Africa

How ICTs Are Changing the Way We Live - The eLearning Africa 2010 Photo Competition

How ICTs Are Changing the Way We Live – The eLearning Africa 2010 Photo
Competition
http://bit.ly/dhusSR

We wanted to know how mobile phones, the Internet, computers and the
audiovisual media have changed (your) life in Africa. More than 100 images
were submitted to the competition.

VOTE FOR YOUR FAVOURITE NOW at
http://www.elearning-africa.com/picturevoting_home.php [1]

South Africans use transgender community website to “rehearse” their new identities

GRAHAMSTOWN 30 April 2010 (Jeanne Prinsloo for GenderIT.org)

Two out of three gay South African respondents to an online survey said that going online had helped them accept their sexual orientation and many admitted to coming out online before they did so offline. But the voices of transgender people rarely appear in studies and surveys. To address the gap, APC EroTICs researcher Jeanne Prinsloo of the University of Grahamstown looks at the use of a transgender site which provides a critical space for trans people to lurk and listen to ideas and debates that are not present in mainstream sites, to rehearse their new identity and to assess the risks they might take. Image: “Gender Dynamix”:http://www.genderdynamix.co.za/

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FOSSFA to launch The African FOSS Reporter Award

Africa

FOSSFA has issued the African FOSS Reporter Award Competition 2010. The award aims to highlight the impact of Free and Open Source Software (FOSS) on the development of Africa and search enthusiastic writers/journalists who want to demonstrate their journalistic abilities by examining these issues.

The end of GenARDIS small grants for rural women round III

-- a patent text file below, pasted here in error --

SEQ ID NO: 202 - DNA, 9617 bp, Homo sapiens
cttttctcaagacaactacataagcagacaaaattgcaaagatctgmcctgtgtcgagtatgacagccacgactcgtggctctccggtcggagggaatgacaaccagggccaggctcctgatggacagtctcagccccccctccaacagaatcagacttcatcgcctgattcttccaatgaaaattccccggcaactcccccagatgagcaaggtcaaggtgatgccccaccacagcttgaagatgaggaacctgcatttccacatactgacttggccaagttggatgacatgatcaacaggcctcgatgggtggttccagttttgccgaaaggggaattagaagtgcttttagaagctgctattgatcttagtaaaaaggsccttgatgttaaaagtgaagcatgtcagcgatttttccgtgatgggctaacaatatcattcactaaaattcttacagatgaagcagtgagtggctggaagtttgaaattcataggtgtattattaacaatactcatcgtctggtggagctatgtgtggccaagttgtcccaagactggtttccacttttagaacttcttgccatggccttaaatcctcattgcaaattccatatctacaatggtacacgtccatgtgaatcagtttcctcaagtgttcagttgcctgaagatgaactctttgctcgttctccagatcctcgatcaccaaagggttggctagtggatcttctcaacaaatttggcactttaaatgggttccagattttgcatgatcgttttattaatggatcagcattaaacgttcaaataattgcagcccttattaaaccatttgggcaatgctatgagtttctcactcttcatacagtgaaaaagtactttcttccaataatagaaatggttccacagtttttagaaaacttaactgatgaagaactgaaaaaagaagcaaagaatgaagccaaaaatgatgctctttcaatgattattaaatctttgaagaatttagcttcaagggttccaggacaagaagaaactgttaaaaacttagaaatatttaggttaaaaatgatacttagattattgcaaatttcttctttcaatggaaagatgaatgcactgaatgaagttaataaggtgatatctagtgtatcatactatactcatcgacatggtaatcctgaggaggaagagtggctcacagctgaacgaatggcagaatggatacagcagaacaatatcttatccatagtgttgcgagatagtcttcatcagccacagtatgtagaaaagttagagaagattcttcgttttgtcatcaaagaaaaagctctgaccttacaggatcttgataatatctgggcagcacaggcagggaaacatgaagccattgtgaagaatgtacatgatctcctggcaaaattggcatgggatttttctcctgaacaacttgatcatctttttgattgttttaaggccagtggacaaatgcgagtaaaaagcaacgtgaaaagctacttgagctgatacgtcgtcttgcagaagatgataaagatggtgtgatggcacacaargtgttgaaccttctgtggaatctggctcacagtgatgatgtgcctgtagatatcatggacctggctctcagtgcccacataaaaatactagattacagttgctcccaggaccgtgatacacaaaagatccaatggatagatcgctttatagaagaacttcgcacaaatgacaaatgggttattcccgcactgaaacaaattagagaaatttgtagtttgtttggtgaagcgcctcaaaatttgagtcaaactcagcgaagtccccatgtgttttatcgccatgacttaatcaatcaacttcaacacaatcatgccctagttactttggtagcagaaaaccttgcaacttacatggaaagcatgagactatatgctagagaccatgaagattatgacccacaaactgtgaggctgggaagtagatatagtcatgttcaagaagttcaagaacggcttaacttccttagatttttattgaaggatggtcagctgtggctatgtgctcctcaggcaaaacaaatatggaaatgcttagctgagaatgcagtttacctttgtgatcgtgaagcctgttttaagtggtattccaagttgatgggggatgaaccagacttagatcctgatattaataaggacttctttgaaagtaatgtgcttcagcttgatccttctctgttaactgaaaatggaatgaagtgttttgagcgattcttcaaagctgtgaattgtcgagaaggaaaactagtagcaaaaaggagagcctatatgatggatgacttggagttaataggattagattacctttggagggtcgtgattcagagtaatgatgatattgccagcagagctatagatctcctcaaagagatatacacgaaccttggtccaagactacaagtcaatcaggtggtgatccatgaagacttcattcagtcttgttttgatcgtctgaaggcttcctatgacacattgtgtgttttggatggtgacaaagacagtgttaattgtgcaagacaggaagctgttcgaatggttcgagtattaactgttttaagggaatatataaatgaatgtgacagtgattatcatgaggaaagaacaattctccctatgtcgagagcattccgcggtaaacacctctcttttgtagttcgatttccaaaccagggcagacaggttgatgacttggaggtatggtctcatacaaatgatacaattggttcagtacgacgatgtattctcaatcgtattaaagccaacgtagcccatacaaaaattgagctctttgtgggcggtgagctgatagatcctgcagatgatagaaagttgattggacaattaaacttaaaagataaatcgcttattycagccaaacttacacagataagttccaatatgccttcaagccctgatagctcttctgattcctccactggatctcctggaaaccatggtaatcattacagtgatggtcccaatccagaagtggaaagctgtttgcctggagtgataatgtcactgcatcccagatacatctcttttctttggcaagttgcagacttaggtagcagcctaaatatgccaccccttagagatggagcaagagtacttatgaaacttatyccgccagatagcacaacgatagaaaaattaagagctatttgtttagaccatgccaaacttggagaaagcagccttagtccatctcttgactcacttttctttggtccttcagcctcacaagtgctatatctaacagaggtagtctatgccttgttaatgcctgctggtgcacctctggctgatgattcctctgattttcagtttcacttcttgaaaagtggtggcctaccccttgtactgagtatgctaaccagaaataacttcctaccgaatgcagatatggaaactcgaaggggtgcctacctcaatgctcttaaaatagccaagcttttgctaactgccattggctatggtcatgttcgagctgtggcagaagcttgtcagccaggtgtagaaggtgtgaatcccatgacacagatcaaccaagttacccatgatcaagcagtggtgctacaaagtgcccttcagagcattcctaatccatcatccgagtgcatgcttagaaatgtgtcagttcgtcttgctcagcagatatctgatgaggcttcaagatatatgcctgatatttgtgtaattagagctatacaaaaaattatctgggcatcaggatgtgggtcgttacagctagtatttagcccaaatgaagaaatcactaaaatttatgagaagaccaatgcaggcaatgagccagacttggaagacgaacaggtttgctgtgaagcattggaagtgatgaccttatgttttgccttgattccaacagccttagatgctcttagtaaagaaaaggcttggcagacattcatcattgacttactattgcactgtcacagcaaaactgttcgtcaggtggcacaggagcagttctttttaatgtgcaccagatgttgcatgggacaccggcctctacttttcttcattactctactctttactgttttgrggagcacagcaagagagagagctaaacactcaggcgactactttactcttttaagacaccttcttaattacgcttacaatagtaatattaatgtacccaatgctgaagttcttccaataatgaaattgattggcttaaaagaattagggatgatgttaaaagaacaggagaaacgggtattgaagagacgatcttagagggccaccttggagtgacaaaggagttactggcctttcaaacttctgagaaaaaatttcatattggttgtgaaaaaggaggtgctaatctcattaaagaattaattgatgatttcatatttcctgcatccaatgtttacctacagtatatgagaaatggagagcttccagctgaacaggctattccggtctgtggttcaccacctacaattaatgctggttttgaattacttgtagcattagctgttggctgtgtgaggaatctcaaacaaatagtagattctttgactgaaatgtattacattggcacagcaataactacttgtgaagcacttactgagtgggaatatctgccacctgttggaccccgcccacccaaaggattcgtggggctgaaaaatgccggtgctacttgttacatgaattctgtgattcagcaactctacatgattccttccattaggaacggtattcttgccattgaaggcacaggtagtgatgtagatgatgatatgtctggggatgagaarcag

JOHANNESBURG 15 April 2010 (LC for APCNews)

In March GenARDIS grant winners met for the last time after more than a year of innovative research and work to improve rural women’s lives in countries like Ethiopia, the Dominican Republic and Zambia. With projects as diverse as community radio drama groups, pest control through information access and using technology to promote women’s inheritance and land rights, projects were as diverse as the countries they came from. But as this third round of small grants winds down, participants are determined to scale up their work.

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Copyright or Copyleft - Workshop on Access to Knowledge

Johannesburg

I attended the APC hosted A2K workshop on Wednesday with a bag of expectations. The schedule looked promising, the participants were supposed to come from a wide variety of professions and organisations. I must say most of those expectations were fulfilled – which was a lot thanks to the great facilitation and organisation of the event.

Acess to knowledge (A2K) workshop Johannesburg

Location: 
Sunnyside Hotel, Johannesburg, South Africa
Date and time: 
Apr 7 2010 - 10:00am - 5:00pm

The Association for Progressive Communications (APC) takes a great pleasure in inviting you to participate in the Access to Knowledge (A2K) workshop which will be on 7 April 2010 at the Sunnyside Park Hotel in Parktown, Johannesburg.

Technology lifts status for many African women

Kenya

For the last decade, cultural issues as well as a lack of information, capital and opportunity have been advanced as reasons why there are few women in technology-related businesses in Africa, but trends are slowly changing.

The emergence of mobile money services led by the growth of GSM networks has allowed many women to work from their homes or trading centers, helping them avoid traveling lo

Day one of GenARDIS workshop off with a bang

Johannesburg

Women's club radio listeners call in to station: African Radio and Drama association women's club listeners use new technologies to call into the radio station in rural Nigeria.Women’s club radio listeners call in to station: African Radio and Drama association women’s club listeners use new technologies to call into the radio station in rural Nigeria.Now in our third round of GenARDIS, this morning’s workshop session was opened as the group was welcomed by exploring the question why – Why GenAR

GEM in Hard Times: Sectarian violence in Nigeria can be beaten

KAFANCHAN 12 March 2010 (John Dada for APCNews)

Since January, sectarian strife has ripped through Nigerian communities. “A mass burial took place the day before yesterday and body counts are close to three hundred with over 80% of them women and children,” APC member John Dada told APC. “It is ironic that in the month of the Celebration of Women’s Day, such atrocities are being visited on innocent women and children.” Women are culturally respected as the givers of life and John blames deepening poverty and economic alienation for the cultural reversal but he sees a potential solution.

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